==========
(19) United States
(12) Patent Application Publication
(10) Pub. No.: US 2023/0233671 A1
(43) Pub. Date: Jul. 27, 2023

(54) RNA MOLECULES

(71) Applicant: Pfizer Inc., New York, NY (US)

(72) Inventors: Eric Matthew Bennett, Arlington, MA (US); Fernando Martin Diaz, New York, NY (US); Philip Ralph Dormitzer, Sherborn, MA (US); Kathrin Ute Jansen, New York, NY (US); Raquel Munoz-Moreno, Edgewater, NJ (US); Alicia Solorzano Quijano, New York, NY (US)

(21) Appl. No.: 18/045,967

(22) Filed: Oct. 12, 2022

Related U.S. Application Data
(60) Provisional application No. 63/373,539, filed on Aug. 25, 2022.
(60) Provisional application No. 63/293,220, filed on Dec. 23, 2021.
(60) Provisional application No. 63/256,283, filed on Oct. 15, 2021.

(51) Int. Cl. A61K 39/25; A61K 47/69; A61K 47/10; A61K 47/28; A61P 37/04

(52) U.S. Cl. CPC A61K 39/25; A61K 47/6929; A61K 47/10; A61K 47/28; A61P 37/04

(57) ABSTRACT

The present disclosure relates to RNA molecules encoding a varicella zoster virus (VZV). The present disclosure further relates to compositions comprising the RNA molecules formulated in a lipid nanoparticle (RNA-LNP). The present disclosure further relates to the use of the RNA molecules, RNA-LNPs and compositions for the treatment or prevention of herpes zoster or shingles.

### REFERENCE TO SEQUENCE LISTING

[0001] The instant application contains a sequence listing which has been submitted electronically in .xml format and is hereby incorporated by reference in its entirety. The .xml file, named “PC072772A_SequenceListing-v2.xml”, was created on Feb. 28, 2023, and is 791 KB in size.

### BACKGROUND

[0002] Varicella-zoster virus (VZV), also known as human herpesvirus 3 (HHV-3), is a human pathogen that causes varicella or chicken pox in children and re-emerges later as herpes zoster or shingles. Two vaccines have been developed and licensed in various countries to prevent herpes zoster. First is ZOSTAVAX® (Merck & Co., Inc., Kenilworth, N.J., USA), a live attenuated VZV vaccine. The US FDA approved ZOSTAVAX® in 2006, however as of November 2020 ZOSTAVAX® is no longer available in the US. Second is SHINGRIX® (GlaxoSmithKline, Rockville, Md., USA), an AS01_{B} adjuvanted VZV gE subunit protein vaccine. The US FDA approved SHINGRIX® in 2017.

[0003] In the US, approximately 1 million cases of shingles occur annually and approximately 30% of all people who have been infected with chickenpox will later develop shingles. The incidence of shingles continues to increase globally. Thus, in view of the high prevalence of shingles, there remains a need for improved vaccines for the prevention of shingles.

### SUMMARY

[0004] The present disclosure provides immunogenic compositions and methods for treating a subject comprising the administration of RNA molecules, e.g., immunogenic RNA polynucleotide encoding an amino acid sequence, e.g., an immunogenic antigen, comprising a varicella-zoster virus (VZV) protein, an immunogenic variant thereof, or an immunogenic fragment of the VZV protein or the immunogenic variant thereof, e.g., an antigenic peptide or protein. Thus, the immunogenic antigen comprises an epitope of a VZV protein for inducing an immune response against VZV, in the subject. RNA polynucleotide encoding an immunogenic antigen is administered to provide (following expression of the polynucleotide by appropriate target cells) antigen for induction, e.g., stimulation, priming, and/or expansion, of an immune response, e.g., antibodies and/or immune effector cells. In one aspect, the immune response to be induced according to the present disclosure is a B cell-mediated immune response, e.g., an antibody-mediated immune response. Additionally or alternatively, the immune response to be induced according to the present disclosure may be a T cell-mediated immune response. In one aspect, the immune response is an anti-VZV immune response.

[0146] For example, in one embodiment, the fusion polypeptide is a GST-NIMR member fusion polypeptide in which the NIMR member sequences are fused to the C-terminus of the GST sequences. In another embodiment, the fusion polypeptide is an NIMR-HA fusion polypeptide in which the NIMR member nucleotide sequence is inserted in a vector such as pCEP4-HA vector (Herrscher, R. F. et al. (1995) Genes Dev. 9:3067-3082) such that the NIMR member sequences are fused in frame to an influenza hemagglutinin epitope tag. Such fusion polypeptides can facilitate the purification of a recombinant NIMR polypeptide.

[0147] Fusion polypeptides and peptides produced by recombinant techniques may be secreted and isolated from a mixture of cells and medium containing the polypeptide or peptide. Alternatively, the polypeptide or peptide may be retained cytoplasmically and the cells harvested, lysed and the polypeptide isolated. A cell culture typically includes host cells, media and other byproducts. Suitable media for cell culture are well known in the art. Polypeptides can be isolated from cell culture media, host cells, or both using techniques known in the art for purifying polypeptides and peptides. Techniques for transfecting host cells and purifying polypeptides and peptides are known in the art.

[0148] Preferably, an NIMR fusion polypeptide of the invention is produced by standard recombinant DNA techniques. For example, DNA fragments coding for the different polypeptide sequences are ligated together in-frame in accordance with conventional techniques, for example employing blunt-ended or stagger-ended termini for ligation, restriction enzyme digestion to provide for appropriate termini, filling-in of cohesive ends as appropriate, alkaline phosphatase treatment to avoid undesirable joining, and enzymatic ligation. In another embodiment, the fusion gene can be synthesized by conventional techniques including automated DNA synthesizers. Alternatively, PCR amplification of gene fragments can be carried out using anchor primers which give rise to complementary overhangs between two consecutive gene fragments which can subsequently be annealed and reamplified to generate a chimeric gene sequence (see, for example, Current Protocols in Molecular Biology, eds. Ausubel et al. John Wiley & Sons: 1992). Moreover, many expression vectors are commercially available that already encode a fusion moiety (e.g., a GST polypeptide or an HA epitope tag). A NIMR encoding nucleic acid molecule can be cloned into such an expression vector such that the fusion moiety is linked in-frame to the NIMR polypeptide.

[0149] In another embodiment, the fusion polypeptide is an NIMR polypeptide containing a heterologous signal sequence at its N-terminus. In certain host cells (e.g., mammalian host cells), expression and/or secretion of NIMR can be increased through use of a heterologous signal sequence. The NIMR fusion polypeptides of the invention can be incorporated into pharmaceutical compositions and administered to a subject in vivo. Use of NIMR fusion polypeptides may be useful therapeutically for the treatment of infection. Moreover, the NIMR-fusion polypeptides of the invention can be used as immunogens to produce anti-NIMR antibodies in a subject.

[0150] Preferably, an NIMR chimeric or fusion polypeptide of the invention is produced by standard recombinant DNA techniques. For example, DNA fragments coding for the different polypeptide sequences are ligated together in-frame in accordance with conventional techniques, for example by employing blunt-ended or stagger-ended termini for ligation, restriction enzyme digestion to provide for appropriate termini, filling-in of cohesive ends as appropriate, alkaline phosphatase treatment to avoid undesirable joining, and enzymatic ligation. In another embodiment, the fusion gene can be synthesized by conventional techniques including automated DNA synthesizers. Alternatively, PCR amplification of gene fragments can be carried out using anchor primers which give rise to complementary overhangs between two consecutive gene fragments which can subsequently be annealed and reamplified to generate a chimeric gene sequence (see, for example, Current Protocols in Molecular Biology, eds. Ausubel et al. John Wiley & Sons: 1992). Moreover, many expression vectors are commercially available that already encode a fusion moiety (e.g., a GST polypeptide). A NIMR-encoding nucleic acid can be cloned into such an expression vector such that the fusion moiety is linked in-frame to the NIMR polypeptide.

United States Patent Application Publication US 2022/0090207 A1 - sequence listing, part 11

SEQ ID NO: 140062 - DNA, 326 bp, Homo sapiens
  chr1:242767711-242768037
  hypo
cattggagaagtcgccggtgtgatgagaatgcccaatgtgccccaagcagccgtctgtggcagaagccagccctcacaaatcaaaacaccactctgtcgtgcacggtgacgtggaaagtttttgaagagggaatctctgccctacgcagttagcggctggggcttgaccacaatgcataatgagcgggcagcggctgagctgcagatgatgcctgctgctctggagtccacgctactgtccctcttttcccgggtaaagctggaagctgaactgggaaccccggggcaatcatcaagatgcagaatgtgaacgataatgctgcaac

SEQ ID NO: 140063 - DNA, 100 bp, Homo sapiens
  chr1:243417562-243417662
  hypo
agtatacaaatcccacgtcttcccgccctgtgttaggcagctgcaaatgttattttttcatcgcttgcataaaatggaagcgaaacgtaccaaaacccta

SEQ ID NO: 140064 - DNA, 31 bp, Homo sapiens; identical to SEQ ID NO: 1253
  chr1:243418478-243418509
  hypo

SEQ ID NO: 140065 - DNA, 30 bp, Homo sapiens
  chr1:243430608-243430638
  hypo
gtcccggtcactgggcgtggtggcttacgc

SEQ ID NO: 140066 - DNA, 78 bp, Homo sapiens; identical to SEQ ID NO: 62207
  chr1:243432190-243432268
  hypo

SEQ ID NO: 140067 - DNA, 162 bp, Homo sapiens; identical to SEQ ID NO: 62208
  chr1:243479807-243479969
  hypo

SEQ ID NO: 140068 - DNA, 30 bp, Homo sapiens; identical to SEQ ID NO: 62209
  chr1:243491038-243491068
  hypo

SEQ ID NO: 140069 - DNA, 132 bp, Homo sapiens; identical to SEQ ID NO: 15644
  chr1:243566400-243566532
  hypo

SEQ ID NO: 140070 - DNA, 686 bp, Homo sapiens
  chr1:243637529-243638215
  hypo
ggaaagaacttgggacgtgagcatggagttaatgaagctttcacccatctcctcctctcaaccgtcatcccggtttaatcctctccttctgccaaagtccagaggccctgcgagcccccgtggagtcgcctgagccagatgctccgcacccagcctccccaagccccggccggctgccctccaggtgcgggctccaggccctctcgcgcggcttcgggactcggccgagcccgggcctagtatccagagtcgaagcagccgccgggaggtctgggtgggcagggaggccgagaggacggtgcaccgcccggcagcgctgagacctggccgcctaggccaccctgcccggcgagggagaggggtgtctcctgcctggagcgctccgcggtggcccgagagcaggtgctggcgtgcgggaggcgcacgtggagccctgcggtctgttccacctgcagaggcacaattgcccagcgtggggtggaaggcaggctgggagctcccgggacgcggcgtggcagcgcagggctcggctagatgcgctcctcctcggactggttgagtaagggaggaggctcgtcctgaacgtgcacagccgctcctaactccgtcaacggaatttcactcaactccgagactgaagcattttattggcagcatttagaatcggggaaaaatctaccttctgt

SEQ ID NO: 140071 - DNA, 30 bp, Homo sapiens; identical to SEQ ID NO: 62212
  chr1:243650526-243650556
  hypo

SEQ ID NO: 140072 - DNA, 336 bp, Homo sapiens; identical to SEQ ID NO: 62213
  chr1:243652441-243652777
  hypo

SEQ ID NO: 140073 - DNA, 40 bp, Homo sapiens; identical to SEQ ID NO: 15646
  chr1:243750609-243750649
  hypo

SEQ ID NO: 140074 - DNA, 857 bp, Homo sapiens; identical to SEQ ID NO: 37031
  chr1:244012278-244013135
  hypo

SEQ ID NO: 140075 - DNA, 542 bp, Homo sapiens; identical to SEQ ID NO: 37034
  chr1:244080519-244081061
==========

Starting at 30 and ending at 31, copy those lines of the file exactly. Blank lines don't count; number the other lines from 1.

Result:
United States Patent Application Publication US 2022/0090207 A1 - sequence listing, part 11

SEQ ID NO: 140062 - DNA, 326 bp, Homo sapiens